Four vertical rows of shipping containersBefore North Dakota agricultural commodities are shipped to markets around the world, state inspectors work hard to ensure unwanted, damaging pests aren’t hopping aboard for a ride overseas.

To make sure North Dakota ag products are ready and meet export requirements of receiving countries, the Plant Industries Division of the North Dakota Department of Agriculture (NDDA) works to inspect and certify the shipments. Importing countries often require crop and plant products to have a phytosanitary certificate, which verifies plant products have been inspected and are free from pests and pathogens.

That’s where the NDDA Plant Industries Division (PID) steps in. The division implements North Dakota’s export certification program and issues the certificates.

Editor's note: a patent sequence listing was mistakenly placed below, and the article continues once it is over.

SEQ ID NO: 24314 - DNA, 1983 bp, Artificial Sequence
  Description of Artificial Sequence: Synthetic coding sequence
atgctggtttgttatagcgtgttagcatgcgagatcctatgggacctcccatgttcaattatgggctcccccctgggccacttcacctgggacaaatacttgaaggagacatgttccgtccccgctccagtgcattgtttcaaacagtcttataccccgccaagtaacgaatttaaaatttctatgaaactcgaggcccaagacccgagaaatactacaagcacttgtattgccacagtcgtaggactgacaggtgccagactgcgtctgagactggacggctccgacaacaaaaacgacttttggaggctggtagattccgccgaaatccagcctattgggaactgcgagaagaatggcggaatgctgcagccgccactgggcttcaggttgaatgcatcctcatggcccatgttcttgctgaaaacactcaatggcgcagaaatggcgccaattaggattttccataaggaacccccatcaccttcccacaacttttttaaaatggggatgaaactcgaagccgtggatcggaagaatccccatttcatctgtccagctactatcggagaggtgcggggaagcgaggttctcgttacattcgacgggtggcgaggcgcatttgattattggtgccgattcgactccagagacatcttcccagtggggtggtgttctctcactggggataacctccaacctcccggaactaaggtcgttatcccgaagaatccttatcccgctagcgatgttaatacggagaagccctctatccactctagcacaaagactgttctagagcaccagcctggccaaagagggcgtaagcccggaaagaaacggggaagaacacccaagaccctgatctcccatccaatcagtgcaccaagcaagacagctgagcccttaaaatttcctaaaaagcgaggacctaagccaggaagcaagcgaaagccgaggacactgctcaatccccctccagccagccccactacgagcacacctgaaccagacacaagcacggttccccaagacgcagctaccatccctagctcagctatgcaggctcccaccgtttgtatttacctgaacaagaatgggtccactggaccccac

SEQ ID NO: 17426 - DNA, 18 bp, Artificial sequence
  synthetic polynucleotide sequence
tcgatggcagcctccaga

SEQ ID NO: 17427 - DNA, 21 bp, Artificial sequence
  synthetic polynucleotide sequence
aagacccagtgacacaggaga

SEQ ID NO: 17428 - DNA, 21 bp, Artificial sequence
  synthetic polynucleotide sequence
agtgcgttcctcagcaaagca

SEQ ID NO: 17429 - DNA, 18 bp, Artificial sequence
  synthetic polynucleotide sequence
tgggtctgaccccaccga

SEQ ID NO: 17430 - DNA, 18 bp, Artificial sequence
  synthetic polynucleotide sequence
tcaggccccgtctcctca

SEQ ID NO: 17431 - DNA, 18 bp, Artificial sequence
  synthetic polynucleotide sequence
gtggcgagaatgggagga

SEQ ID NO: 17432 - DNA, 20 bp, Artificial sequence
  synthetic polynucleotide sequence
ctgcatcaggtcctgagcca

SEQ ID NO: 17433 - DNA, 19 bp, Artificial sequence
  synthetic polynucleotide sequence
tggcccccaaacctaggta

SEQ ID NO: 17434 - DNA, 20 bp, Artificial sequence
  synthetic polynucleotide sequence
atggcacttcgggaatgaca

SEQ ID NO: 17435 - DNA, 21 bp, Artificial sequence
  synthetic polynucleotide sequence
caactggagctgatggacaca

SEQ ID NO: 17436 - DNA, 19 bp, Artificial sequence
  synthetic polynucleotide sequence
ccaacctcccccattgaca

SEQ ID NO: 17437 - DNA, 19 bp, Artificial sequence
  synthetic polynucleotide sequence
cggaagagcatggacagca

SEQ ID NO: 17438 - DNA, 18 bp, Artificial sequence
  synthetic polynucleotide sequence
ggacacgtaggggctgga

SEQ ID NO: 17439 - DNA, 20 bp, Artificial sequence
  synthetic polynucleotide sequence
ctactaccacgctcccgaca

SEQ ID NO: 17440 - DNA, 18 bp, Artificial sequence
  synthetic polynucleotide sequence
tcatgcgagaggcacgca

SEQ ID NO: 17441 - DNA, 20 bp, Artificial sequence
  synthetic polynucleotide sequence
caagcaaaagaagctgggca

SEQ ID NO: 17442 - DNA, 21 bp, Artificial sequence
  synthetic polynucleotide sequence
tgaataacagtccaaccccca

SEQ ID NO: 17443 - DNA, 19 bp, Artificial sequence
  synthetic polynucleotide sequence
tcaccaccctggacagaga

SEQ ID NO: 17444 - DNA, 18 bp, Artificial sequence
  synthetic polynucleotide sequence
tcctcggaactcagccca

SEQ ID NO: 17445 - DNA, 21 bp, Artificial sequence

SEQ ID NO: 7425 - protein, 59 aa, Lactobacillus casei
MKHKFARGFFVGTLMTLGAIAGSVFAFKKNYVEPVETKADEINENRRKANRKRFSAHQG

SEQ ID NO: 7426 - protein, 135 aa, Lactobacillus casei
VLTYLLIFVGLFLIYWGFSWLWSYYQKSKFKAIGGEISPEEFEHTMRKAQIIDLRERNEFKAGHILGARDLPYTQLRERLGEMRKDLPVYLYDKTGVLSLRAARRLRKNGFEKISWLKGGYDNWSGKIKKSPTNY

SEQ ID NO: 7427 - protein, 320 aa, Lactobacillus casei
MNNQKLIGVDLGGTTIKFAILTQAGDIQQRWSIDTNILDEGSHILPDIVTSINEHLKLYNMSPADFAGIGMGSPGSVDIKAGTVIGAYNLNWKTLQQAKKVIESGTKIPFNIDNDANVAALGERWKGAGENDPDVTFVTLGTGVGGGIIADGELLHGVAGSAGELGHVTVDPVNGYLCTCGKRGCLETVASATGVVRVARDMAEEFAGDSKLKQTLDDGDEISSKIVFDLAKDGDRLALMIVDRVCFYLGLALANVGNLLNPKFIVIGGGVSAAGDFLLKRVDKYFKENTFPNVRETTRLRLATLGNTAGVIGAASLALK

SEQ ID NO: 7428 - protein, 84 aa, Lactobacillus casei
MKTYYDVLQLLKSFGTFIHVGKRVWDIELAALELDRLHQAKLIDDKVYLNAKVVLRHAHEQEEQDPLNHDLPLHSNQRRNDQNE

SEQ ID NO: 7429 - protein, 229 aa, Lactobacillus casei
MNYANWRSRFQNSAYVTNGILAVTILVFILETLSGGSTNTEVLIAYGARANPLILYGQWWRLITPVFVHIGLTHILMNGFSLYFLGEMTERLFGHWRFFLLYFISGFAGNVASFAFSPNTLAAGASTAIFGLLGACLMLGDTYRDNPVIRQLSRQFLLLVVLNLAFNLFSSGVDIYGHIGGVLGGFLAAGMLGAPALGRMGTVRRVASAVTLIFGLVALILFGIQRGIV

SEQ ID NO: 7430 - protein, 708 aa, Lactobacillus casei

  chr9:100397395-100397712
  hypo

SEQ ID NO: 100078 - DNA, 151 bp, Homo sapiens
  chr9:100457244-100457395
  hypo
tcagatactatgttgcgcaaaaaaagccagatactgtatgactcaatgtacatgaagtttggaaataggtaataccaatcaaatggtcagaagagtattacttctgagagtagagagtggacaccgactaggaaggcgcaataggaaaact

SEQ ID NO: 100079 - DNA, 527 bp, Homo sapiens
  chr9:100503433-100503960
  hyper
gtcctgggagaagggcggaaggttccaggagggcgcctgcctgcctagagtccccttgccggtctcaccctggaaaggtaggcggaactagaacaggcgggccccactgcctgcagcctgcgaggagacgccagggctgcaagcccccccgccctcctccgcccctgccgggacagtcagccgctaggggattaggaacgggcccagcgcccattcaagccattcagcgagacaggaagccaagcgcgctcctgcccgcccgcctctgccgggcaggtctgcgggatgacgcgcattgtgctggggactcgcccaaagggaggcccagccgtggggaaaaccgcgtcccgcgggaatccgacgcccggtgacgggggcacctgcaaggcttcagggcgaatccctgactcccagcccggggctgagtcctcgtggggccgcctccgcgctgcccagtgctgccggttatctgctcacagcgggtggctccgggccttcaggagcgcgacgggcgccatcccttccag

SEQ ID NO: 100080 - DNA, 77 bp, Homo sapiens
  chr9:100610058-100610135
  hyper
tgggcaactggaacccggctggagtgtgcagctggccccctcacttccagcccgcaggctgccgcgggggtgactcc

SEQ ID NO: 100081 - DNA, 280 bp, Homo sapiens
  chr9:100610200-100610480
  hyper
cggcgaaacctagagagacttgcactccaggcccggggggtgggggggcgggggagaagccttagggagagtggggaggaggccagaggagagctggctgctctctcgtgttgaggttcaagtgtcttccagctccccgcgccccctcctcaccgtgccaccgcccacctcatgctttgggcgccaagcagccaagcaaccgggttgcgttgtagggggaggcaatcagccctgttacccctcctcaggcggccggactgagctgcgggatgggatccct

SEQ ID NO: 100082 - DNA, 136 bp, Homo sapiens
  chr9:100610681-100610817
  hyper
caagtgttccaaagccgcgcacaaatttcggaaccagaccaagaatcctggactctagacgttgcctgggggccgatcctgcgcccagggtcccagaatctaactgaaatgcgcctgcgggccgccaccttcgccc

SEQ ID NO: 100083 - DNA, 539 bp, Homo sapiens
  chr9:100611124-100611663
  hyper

“We issue phytosanitary certificates as required by the importing country, showing the commodity is apparently free from injurious plant pests,” says Charles Elhard, Plant Protection Specialist with the Plant Industries Division. “This could be soil, weed seeds, insects and pathogens, among others. Import requirements can vary greatly from country to country.”

NDDA issues over 3,000 certificates for nearly 90 countries, Elhard says. Almost one-third of phyto certificates are for Mexico.

“North Dakota’s most commonly exported commodities include soybeans, dry edible beans, peas, lentils, sunflowers, wheat, barley, flax and many others,” he says.

NDDA PID inspectors also check if plant and plant products meet national and international export requirements. The division works closely with other agencies to carry out inspections.

“Our division inspects smaller shipments, such as samples that are sent to a potential customer before a large sale is made, or research seed shipments that typically come in small envelopes or bags,” he says.

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